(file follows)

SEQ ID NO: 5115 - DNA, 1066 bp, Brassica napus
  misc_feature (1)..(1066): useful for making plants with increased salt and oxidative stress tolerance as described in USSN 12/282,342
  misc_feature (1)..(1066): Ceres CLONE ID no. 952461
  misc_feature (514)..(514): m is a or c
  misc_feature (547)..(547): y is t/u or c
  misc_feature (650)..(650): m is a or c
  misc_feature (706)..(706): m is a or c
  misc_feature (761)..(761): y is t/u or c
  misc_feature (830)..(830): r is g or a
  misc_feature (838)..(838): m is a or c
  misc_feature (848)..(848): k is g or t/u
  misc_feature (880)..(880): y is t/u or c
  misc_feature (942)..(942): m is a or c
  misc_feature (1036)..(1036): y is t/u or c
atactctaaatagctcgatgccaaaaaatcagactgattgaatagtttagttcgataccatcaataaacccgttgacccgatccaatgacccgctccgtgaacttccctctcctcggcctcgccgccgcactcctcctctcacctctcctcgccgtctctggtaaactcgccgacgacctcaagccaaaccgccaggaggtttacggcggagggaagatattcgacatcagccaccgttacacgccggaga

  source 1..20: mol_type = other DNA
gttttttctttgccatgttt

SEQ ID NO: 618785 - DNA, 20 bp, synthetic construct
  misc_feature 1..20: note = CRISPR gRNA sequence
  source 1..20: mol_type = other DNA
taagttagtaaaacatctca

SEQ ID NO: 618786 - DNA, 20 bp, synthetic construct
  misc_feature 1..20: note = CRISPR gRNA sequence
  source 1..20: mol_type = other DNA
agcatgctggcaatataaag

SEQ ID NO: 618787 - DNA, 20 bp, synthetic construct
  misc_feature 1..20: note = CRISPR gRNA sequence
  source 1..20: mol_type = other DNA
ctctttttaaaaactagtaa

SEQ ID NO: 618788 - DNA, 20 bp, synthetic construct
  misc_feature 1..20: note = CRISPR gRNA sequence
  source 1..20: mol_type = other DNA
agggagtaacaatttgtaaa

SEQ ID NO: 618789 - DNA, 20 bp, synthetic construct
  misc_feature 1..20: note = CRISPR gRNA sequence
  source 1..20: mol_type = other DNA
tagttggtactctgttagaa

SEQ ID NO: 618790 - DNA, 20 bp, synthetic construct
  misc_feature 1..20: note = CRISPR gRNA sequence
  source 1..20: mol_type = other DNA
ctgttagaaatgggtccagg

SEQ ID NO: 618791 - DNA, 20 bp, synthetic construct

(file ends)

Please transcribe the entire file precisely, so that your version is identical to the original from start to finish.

SEQ ID NO: 5115 - DNA, 1066 bp, Brassica napus
  misc_feature (1)..(1066): useful for making plants with increased salt and oxidative stress tolerance as described in USSN 12/282,342
  misc_feature (1)..(1066): Ceres CLONE ID no. 952461
  misc_feature (514)..(514): m is a or c
  misc_feature (547)..(547): y is t/u or c
  misc_feature (650)..(650): m is a or c
  misc_feature (706)..(706): m is a or c
  misc_feature (761)..(761): y is t/u or c
  misc_feature (830)..(830): r is g or a
  misc_feature (838)..(838): m is a or c
  misc_feature (848)..(848): k is g or t/u
  misc_feature (880)..(880): y is t/u or c
  misc_feature (942)..(942): m is a or c
  misc_feature (1036)..(1036): y is t/u or c
atactctaaatagctcgatgccaaaaaatcagactgattgaatagtttagttcgataccatcaataaacccgttgacccgatccaatgacccgctccgtgaacttccctctcctcggcctcgccgccgcactcctcctctcacctctcctcgccgtctctggtaaactcgccgacgacctcaagccaaaccgccaggaggtttacggcggagggaagatattcgacatcagccaccgttacacgccggaga

  source 1..20: mol_type = other DNA
gttttttctttgccatgttt

SEQ ID NO: 618785 - DNA, 20 bp, synthetic construct
  misc_feature 1..20: note = CRISPR gRNA sequence
  source 1..20: mol_type = other DNA
taagttagtaaaacatctca

SEQ ID NO: 618786 - DNA, 20 bp, synthetic construct
  misc_feature 1..20: note = CRISPR gRNA sequence
  source 1..20: mol_type = other DNA
agcatgctggcaatataaag

SEQ ID NO: 618787 - DNA, 20 bp, synthetic construct
  misc_feature 1..20: note = CRISPR gRNA sequence
  source 1..20: mol_type = other DNA
ctctttttaaaaactagtaa

SEQ ID NO: 618788 - DNA, 20 bp, synthetic construct
  misc_feature 1..20: note = CRISPR gRNA sequence
  source 1..20: mol_type = other DNA
agggagtaacaatttgtaaa

SEQ ID NO: 618789 - DNA, 20 bp, synthetic construct
  misc_feature 1..20: note = CRISPR gRNA sequence
  source 1..20: mol_type = other DNA
tagttggtactctgttagaa

SEQ ID NO: 618790 - DNA, 20 bp, synthetic construct
  misc_feature 1..20: note = CRISPR gRNA sequence
  source 1..20: mol_type = other DNA
ctgttagaaatgggtccagg

SEQ ID NO: 618791 - DNA, 20 bp, synthetic construct